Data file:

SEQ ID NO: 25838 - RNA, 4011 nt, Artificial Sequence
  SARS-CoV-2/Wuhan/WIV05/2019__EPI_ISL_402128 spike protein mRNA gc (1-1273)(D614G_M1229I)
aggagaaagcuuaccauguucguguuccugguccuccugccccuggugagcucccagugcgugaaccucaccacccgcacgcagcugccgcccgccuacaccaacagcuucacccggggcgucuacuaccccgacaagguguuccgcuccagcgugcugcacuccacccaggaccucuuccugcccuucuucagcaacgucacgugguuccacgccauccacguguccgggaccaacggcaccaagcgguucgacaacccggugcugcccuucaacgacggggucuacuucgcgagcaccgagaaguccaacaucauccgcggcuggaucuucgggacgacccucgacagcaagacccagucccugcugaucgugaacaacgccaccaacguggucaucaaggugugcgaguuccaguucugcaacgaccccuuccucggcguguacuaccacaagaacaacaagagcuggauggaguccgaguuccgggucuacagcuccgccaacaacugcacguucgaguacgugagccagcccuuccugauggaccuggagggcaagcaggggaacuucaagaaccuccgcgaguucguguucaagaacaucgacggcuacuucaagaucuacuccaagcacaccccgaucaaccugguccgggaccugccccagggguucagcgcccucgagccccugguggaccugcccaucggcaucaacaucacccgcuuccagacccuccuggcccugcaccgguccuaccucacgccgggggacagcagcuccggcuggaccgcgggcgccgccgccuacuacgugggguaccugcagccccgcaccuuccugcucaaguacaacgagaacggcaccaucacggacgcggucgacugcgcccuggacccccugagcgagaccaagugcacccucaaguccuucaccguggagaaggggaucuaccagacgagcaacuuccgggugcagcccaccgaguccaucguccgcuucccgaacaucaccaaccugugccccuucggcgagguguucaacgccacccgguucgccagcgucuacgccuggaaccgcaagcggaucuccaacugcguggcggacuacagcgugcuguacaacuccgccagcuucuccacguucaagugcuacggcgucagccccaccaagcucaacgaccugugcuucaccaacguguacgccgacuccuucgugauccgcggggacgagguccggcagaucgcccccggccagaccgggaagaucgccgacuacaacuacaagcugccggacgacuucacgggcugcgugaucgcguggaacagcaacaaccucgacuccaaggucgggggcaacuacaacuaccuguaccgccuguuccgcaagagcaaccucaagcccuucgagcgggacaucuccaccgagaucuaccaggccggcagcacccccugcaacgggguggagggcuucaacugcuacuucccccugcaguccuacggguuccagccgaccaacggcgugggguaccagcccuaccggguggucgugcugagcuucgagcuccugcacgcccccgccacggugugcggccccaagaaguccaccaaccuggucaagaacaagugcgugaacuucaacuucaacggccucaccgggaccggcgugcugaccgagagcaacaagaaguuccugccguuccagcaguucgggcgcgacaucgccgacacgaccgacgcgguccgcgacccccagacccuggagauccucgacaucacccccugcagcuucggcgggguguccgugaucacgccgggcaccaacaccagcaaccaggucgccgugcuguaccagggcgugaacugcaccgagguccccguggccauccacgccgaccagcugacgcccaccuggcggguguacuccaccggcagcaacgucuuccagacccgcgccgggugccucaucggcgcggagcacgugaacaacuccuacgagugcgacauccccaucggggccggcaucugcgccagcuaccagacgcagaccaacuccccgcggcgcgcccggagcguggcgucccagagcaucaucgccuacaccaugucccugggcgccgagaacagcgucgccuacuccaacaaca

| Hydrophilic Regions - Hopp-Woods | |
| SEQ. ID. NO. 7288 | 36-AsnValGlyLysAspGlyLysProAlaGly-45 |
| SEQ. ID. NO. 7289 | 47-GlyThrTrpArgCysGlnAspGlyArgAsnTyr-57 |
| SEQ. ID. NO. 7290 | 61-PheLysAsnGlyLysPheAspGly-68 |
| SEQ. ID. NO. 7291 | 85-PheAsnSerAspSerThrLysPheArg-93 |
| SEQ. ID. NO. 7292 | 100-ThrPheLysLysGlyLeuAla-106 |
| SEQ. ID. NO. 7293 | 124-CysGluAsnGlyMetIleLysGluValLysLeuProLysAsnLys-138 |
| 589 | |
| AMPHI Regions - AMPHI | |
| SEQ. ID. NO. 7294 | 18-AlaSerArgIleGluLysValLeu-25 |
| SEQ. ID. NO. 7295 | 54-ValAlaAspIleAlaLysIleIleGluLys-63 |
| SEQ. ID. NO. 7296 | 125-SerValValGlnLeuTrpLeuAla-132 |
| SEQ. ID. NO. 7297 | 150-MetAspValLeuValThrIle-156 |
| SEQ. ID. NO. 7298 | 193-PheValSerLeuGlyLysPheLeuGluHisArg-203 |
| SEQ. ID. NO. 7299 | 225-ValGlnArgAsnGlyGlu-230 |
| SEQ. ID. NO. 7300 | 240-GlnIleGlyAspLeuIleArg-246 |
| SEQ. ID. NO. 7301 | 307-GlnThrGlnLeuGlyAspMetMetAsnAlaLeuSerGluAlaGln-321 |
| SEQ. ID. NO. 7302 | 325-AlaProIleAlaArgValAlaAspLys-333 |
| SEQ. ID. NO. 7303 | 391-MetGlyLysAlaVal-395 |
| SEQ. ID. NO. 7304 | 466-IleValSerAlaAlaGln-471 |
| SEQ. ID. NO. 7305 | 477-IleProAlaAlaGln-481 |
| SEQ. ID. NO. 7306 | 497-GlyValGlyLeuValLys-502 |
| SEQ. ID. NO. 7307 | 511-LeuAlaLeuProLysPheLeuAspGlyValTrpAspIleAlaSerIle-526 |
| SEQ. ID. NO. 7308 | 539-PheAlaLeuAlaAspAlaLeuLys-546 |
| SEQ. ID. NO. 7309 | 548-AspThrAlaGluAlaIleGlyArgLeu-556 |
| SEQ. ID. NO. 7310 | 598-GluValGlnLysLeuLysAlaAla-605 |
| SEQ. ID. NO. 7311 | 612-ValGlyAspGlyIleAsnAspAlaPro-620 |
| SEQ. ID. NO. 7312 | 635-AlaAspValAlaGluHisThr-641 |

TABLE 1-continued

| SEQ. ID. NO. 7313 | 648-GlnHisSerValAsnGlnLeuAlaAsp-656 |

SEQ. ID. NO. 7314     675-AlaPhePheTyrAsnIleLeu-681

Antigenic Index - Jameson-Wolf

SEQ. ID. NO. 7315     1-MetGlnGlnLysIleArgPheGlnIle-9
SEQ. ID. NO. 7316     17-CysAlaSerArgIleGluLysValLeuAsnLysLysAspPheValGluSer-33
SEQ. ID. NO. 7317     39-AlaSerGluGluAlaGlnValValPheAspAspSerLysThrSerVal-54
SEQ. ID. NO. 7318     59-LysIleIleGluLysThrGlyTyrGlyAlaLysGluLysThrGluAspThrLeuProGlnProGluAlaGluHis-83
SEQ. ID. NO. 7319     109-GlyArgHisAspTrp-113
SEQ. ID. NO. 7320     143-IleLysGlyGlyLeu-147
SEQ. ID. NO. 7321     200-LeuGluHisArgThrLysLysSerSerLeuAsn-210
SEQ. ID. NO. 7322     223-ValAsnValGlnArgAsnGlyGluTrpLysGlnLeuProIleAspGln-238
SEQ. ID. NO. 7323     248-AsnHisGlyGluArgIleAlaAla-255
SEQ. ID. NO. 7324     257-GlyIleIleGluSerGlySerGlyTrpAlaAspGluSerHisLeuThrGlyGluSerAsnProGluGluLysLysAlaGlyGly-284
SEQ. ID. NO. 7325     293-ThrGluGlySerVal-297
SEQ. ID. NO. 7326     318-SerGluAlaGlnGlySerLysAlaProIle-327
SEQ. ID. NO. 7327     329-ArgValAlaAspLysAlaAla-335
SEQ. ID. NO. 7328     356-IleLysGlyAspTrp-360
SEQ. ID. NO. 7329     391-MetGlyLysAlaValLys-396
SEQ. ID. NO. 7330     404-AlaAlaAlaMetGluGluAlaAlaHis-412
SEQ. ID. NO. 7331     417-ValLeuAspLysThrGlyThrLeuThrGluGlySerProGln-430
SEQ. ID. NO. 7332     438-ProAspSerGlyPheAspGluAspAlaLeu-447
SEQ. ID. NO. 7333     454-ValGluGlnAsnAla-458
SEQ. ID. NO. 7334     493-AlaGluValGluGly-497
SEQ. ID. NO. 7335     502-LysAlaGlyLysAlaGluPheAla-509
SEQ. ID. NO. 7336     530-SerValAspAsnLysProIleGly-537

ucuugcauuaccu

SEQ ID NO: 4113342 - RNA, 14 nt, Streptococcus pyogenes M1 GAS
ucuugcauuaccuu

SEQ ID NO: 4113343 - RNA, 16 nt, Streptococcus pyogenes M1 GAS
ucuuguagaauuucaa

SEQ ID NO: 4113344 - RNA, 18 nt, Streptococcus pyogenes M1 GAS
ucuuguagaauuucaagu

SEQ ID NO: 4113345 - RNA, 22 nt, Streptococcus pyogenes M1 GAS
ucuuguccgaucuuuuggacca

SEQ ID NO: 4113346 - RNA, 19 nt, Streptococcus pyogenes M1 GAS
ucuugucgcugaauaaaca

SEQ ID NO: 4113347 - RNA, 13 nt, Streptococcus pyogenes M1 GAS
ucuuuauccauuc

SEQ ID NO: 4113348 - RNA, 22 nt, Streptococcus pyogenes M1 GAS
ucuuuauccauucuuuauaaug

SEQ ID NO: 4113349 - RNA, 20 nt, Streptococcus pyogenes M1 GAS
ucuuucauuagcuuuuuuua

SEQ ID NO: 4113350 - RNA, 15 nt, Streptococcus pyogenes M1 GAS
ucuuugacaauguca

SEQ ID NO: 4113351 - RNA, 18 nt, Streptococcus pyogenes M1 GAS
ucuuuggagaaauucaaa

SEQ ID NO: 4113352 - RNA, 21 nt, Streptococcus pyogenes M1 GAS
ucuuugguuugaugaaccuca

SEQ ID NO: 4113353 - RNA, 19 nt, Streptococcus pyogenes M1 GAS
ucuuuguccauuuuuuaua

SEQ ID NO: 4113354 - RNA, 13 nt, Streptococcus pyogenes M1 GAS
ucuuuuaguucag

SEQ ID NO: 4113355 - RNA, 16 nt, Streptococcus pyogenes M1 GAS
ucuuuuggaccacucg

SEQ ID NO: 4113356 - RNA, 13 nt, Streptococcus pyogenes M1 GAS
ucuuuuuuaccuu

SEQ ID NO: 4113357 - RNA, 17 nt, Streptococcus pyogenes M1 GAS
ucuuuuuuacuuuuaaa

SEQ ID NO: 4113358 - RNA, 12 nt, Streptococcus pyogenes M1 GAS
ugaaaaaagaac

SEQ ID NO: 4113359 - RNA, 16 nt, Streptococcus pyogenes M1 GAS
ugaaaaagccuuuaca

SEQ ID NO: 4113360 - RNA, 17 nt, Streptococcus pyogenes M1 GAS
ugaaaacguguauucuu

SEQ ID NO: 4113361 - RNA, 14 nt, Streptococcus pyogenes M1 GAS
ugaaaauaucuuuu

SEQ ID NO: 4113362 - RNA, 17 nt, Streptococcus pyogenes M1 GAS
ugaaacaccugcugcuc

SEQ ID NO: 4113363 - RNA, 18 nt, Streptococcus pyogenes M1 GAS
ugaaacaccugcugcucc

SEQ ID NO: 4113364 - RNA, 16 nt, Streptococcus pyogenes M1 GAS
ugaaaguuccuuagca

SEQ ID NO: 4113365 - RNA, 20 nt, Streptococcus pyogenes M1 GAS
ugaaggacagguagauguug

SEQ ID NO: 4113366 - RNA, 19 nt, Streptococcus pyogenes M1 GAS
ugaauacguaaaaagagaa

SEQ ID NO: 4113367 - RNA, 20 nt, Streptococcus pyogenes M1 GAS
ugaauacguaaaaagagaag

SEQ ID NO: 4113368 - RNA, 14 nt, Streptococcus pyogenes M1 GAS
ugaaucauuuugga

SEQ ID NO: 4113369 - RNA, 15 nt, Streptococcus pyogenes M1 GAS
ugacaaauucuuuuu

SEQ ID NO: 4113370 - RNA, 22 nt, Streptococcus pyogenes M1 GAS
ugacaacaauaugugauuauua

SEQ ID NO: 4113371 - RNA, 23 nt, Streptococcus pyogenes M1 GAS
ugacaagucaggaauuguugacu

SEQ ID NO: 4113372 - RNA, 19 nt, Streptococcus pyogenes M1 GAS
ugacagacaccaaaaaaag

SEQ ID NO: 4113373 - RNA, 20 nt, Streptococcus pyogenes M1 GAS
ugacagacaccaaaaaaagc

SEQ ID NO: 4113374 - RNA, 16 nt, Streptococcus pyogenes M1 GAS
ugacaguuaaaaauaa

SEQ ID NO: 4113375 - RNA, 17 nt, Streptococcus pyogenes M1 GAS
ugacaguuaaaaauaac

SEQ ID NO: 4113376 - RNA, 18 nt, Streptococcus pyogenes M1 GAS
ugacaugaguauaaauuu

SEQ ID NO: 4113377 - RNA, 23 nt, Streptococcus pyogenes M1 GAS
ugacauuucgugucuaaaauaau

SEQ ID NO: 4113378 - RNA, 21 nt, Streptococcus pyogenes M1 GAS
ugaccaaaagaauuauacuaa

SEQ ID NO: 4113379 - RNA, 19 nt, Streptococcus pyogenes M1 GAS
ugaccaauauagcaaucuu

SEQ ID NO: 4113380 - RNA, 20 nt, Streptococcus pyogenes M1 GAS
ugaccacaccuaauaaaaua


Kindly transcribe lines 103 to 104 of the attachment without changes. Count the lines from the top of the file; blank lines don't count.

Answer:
SEQ ID NO: 4113364 - RNA, 16 nt, Streptococcus pyogenes M1 GAS
ugaaaguuccuuagca